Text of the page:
Rescue missions, found in all of the larger urban centers to rescue and rehabilitate "down-and-outers"(alcoholics, vagrants, etc.), were also operated in the 1950s in a few cases by Mennonite groups. The Mennonite Church (MC) had established four such missions by the 1950s -- Hope Rescue Mission in South Bend, IN, the Rock of Ages Rescue Mission in Portland, OR, the Goodwill Rescue Mission in London, ON, and the Harbour Rescue Mission in Hamilton, ON.
Ministry to the poor and homeless has long been part of the church's witness and reached a new level of development in 18th-century Pietism (Halle orphanages and schools) and in the response of 19th-century German, English, and North American Christians (e.g., the Salvation Army in London, 1865-78) to the new poverty of the Industrial Revolution. The first North American rescue mission was founded by Jerry McAuley in October 1872 at 316 Water Street, New York City. Five years later on 15 September 1877, Colonel Clarke's Mission (later Pacific Garden Mission) opened its doors at 386 South Clark Street in Chicago. These missions were evangelistic in nature but also provided food and lodging for street people and transients.
Since Mennonites were rural people they did not begin urban missions until the turn of the 20th century. In fact they were slow in starting missions anywhere. Between 1893 and 1910 a number of city missions were begun. While these missions were not rescue missions in the conventional sense, most of them did some social work. For example, the constitution of the Mennonite Gospel Mission (MC) in Kansas City, KS, founded in 1905, called for workers to provide clothing and food for the worthy poor, provide free medical aid for the afflicted poor, and put homeless children in Christian homes.
Many years before the General Conference Mennonites began city missions some members from Pennsylvania helped in New York City missions sponsored by other churches. Others were more aggressive in starting missions. The Fort Wayne, Ind., Rescue Mission was actually founded and organized in 1903, by two Mennonites (Witmer and Stuckey) from the Berne Mennonite Church (GMC). During the early years the Berne congregation largely supported this work financially. Later support for the Fort Wayne Mission was taken over by others.
In 1914 a General Conference work headed by W. W. Miller of Pulaski, Iowa, was opened in a hall in Chicago. After some time it was felt that the Mennonite people "were better adapted to take up a suburban district and build a church there and do real organizing and permanent work, instead of doing the so-called rescue work among the transients." The General Conference people were also suspicious of the revivalist methods used in rescue mission work.
One of the more inclusive and active Mennonite rescue missions is the House of Friendship on Charles Street in Kitchener, ON. It was founded in 1939. This mission offers more than 16 different services and ministers to 18,000 persons annually. In 1987 the House of Friendship approved a $3.5 million project to purchase a half acre of inner city property, on Erb Street, to "provide permanent housing for those left out." The mission is sponsored by congregations belonging to the Ontario Mennonite Brethren Conference and the Mennonite Conference of Eastern Canada (MC, GCM). It is now an self-governing organization that also has broad-based community support.
The Maison de l'Amitié (House of Friendship) in Montreal, Quebec, was opened in 1973 and is sponsored by Mennonite Central Committee Canada and the Mennonite Conference of Eastern Canada. It gives aid to refugees, holds workshops, visits prisoners, and operates camps and a day care center. It is not a rescue mission in the traditional sense.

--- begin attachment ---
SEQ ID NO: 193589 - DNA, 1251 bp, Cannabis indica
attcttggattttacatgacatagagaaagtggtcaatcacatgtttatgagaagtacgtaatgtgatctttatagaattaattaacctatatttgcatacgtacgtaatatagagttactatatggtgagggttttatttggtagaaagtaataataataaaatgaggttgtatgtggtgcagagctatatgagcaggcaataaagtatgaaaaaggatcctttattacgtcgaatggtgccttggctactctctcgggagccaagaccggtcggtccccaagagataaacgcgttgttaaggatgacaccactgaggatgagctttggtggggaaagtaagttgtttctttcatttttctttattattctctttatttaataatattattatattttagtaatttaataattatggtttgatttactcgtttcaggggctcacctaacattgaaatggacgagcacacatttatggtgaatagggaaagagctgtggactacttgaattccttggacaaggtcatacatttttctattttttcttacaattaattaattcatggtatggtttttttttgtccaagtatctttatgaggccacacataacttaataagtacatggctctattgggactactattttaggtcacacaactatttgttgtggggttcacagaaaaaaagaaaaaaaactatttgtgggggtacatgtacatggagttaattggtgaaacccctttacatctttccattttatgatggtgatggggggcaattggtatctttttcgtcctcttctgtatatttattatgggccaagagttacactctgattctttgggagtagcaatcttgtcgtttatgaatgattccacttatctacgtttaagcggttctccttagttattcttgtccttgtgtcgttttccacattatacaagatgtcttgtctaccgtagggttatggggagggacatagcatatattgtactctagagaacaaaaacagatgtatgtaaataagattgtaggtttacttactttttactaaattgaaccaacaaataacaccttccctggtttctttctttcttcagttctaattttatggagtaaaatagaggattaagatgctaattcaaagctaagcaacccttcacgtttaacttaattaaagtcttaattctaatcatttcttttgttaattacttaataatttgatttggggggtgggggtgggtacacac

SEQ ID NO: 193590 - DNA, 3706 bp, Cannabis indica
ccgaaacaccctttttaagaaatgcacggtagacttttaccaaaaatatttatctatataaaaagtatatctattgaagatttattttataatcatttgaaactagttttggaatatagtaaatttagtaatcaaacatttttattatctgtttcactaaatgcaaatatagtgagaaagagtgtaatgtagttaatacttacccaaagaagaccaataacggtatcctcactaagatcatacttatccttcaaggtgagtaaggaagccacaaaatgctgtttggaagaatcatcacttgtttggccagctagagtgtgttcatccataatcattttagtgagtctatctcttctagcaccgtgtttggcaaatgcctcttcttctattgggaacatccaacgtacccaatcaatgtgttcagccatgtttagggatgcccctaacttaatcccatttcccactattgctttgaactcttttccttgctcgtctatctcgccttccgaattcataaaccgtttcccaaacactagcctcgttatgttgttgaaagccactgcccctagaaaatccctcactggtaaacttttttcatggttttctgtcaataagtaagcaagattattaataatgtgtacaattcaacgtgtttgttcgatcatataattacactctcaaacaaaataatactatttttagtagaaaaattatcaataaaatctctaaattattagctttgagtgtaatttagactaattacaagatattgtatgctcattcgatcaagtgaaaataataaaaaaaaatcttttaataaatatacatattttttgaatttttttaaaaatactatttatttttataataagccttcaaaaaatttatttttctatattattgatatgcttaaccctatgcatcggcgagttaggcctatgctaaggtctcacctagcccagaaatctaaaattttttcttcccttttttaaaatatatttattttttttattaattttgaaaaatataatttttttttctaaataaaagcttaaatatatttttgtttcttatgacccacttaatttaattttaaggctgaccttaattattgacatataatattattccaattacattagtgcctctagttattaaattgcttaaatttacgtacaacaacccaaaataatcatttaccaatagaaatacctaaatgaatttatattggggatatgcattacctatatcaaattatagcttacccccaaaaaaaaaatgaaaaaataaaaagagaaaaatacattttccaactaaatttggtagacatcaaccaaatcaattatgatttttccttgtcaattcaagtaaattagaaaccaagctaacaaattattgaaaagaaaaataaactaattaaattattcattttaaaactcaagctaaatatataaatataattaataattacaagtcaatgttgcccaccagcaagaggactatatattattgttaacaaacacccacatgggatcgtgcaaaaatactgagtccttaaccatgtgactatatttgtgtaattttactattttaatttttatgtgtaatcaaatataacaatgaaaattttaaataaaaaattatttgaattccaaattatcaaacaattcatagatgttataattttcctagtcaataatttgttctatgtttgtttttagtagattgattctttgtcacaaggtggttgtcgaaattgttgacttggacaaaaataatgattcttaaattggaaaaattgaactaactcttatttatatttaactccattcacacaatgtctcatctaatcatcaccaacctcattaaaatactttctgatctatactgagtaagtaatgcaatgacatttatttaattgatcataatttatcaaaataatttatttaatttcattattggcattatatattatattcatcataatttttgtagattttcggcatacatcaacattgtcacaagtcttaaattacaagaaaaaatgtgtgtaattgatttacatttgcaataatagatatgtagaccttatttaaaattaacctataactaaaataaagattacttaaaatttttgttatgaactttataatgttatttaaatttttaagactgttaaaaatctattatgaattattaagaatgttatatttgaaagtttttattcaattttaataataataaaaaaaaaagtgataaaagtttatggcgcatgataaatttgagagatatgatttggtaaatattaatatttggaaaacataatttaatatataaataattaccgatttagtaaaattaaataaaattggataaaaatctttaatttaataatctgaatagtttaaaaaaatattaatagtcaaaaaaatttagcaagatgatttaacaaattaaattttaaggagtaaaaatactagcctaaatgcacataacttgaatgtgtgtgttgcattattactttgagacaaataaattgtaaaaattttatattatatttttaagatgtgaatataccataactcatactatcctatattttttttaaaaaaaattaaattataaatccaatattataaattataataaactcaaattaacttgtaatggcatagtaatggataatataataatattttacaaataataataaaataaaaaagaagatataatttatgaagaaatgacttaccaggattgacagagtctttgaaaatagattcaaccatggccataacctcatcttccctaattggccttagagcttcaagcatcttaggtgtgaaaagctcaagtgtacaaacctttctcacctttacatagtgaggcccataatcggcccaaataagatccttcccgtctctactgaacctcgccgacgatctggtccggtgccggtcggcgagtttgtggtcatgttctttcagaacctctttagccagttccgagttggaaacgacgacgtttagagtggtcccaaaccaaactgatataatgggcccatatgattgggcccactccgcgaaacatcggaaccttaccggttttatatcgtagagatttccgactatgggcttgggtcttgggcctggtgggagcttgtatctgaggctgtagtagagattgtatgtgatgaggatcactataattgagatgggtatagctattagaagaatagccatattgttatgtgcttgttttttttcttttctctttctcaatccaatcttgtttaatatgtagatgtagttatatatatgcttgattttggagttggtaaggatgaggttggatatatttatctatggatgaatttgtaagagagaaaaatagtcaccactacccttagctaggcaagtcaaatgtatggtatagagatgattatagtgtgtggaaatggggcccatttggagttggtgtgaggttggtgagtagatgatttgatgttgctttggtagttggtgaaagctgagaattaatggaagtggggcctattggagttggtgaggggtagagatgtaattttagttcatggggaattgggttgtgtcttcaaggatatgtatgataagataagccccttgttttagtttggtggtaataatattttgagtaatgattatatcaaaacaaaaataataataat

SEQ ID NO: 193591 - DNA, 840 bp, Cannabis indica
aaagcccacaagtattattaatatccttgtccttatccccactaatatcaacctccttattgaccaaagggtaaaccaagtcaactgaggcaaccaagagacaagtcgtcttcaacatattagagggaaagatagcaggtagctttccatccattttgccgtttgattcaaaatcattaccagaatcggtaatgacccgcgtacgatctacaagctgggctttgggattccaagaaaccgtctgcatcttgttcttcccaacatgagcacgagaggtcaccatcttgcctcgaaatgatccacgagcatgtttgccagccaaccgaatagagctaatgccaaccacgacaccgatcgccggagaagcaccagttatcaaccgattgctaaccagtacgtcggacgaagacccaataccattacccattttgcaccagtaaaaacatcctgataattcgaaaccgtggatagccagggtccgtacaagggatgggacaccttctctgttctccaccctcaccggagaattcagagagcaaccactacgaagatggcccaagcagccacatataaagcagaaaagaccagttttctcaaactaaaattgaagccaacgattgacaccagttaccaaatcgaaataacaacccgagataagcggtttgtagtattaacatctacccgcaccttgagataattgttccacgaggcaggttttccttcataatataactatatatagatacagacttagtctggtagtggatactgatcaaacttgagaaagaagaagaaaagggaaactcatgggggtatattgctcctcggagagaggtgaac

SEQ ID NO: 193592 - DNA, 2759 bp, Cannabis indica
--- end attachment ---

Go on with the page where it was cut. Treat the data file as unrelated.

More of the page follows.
The Hope Rescue Mission in South Bend, IN, was begun by the Mennonite Board of Missions (MC) in 1954 but in 1987 was governed by a community board of directors, including a number of Mennonites. The Rock of Ages Mission, Portland, OR (MC), which operated from 1952 to 1982 , was sponsored by the Pacific Coast Mennonite Conference. The Brethren in Christ have a rescue mission in San Francisco, CA. Recently (by 1987) they discontinued the feeding and housing of transients, and began focusing on abused women and unwed mothers.
A number of rescue missions, such as Faith Mission, Elkhart, IN; Little Lighthouse, Moncton, New Brunswick, Canada), Haven of Rest Rescue Mission, Battle Creek, MI; and Water Street Rescue Mission, Lancaster, PA, are not owned by Mennonite organizations but have heavy Mennonite support.
The ministry of most rescue missions has changed in the 1980s. They assist not only men who come off the streets but women and children as well. The missions have added services in suicide prevention, drug and alcohol control, psychiatric and emotional treatment, nutritional awareness, and recreational activities.
Wittlinger, Carlton O. Quest for Piety and Obedience: the Story of the Brethren in Christ. Nappanee, IN: Evangel Press, 1978: 177, 454, 456, 503, 528.
Burkhardt, Ferne. A Mighty Flood: the House of Friendship Story. Kitchener, ON : House of Friendship, 1989.
Mennonite Church Yearbook (1986-87): 131.
|Author(s)||Harold S. Bender|
|Russell R. Krabill|
Cite This Article
Bender, Harold S. and Russell R. Krabill. "Rescue Missions." Global Anabaptist Mennonite Encyclopedia Online. 1989. Web. 11 Dec 2017. http://gameo.org/index.php?title=Rescue_Missions&oldid=93379.
Bender, Harold S. and Russell R. Krabill. (1989). Rescue Missions. Global Anabaptist Mennonite Encyclopedia Online. Retrieved 11 December 2017, from http://gameo.org/index.php?title=Rescue_Missions&oldid=93379.
Adapted by permission of Herald Press, Harrisonburg, Virginia, from Mennonite Encyclopedia, Vol. 4, p. 1117, v. 5, pp. 765-766. All rights reserved.
©1996-2017 by the Global Anabaptist Mennonite Encyclopedia Online. All rights reserved.